Thursday, December 01, 2005 Challenging Believers to Think and Thinkers to Believe Challenging Believers to Think and Thinkers to Believe

What should the President look for in his next Supreme Court appointment? It is rumored Justice Stevens may resign next year. Read my article on the problem of choosing a judge with the right judicial philosophy at the link above to

BBC NEWS | Africa | South Africa to have gay weddings

Comming soon to your state?

This story on the courts of South Africa mandating same sex marriage is another evidence of the need for a constitutional amendment in the United States to protect marriage. The way law schools all over the world train future judges and future attorneys to approach the law makes judicially required homosexual marriage a high probability. It can be postponed through state legislation. But it will not be stopped unless we both amend the federal constitution and change the fundamental approach to legal education.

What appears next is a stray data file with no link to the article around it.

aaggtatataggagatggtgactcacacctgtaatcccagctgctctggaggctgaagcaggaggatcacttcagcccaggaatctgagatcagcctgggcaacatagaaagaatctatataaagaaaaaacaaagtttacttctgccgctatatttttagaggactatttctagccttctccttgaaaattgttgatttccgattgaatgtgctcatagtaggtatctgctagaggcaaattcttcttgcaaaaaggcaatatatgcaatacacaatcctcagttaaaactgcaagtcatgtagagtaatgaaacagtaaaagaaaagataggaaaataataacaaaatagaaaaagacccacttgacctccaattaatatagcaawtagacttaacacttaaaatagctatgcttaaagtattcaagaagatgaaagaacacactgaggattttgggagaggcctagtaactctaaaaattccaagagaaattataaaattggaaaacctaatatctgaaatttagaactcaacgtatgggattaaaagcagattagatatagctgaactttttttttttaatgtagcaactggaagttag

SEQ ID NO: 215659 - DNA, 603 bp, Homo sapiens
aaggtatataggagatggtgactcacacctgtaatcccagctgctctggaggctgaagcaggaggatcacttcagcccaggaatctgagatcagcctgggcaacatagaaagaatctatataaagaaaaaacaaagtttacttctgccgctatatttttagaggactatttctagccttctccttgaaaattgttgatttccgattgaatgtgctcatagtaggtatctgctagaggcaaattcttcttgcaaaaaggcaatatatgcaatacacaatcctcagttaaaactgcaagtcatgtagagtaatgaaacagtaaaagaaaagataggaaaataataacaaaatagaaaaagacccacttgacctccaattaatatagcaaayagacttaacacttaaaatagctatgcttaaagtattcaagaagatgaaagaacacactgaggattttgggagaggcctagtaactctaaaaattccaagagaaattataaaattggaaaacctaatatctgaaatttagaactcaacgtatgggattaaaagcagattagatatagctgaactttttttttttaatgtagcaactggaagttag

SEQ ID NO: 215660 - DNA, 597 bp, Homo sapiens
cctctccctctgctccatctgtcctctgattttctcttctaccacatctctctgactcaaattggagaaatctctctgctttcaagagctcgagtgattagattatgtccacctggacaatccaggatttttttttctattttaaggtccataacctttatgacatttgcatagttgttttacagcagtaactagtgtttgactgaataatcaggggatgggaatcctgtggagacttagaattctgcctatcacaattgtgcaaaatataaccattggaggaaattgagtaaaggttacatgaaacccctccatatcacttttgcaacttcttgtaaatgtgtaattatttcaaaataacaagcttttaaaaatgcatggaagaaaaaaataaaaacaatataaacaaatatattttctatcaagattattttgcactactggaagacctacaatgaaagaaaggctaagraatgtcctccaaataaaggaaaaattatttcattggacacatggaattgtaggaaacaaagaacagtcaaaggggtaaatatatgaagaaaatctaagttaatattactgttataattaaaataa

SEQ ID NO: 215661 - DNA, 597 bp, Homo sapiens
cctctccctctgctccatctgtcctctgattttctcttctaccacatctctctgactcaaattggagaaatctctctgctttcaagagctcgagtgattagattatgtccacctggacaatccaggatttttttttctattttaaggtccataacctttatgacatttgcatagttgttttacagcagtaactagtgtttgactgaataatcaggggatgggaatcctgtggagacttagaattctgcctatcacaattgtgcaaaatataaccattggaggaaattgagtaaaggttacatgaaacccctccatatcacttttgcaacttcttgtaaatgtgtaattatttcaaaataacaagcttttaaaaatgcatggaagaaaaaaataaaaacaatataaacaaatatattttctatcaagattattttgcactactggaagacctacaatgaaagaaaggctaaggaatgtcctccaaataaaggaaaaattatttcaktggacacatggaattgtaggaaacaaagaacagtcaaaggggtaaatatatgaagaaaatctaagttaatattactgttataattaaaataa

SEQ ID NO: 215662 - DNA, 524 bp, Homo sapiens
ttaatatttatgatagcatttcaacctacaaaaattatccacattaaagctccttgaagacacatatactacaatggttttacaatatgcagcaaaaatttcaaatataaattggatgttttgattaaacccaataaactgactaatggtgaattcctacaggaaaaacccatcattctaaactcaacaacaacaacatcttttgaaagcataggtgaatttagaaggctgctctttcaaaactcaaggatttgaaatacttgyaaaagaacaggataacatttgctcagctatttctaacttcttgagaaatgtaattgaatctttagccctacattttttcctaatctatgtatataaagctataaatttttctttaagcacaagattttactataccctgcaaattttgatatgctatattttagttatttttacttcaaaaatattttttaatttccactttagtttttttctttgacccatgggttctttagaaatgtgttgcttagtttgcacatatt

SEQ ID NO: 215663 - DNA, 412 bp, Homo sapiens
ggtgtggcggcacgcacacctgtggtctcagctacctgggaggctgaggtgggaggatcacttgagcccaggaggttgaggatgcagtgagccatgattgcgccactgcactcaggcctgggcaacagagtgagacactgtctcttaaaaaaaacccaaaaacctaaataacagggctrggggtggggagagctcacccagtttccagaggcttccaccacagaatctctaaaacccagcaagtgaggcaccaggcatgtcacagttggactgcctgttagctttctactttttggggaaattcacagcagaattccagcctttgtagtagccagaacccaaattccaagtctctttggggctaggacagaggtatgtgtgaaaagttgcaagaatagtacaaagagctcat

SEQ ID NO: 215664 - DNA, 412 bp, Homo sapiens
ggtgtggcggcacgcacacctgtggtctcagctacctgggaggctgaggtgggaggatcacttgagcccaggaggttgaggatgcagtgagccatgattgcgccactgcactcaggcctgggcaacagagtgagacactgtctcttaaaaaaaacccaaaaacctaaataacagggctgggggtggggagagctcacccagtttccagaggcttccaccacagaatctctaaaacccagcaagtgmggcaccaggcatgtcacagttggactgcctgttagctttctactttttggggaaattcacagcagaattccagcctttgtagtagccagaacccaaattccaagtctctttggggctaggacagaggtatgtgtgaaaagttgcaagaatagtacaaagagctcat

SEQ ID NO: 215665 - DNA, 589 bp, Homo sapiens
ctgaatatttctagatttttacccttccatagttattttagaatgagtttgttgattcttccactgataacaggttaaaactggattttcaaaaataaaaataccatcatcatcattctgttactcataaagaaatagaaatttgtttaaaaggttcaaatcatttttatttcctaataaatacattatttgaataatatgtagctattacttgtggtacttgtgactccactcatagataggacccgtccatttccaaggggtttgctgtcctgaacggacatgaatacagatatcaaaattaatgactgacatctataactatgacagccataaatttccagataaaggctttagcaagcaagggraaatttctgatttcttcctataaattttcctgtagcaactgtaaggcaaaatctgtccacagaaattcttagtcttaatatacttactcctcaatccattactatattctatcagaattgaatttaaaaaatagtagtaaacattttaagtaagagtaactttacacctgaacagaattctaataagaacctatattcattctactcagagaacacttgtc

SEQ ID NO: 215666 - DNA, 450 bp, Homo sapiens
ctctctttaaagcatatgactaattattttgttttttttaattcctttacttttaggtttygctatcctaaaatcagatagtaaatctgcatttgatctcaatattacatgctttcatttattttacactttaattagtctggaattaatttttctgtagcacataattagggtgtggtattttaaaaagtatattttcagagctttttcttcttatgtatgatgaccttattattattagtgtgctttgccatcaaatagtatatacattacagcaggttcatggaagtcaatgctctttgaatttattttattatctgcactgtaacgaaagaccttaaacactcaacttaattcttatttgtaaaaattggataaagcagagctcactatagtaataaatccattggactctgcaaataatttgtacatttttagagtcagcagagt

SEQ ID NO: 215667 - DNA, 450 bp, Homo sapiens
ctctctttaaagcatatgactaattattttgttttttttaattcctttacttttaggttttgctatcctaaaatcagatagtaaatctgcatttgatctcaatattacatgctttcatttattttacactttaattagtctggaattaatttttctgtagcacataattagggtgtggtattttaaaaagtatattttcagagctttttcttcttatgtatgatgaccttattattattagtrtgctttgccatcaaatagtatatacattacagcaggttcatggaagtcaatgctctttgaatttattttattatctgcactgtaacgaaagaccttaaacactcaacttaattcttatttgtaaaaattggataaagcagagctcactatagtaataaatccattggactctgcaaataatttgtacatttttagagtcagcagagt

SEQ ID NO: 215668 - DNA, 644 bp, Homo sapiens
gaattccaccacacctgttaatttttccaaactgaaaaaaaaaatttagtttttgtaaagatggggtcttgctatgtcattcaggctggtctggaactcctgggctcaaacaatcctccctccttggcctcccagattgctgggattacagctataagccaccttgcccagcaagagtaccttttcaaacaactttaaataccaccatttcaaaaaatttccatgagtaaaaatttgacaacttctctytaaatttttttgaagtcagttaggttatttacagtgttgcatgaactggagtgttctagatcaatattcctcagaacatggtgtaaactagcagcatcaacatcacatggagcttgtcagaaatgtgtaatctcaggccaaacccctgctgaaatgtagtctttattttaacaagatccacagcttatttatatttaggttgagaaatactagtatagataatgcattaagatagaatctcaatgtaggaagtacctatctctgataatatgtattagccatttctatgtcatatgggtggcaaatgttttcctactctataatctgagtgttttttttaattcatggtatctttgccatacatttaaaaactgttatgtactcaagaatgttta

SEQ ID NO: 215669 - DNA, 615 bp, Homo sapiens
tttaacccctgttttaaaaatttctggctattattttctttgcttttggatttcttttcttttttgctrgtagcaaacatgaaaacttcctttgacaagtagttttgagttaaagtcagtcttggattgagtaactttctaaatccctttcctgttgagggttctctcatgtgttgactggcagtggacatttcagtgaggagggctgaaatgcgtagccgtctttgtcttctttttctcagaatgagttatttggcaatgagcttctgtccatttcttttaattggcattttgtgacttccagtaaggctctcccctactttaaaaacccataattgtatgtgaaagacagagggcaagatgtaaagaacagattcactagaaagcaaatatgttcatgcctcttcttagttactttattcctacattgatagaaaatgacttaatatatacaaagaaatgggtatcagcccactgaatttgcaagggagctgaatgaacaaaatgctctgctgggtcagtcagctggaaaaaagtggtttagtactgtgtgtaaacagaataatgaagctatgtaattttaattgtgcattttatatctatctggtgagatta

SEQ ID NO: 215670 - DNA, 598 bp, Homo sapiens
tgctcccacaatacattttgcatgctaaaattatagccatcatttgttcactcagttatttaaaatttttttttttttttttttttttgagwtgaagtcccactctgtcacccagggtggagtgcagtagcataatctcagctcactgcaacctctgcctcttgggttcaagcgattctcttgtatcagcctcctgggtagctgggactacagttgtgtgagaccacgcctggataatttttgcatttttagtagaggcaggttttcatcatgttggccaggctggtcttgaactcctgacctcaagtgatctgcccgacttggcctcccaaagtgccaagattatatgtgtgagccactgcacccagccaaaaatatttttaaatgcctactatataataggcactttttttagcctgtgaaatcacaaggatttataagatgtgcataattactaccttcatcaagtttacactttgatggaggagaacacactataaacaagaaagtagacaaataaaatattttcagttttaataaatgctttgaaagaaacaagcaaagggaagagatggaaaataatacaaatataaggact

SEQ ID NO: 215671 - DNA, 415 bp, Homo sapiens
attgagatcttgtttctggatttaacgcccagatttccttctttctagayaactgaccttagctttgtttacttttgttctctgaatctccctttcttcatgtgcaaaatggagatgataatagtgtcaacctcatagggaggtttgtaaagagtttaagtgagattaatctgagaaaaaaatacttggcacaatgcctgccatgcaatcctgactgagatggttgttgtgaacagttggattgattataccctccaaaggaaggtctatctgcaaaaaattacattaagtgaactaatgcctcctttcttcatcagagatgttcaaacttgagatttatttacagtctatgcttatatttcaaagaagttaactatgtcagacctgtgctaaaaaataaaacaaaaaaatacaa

Over time the idea of objective moral truth that comes from God has been separated from the realm of human law. Somehow, we need to reassert, as a culture, that the only legitimate human law is that which is within the unchanging moral law of God. And we need to be honest about what that moral law approves and does not approve. God's law gives us great freedom to make different human laws. But there are certain boundaries that should be observed. Requiring the state to approve of and teach a practice forbidden by God transgresses the boundaries set for human laws by the laws of God. So no human laws to that effect should be enacted or articulated by courts or legislatures. It is also true that courts should not be making law at all. But we will save that story for as different day.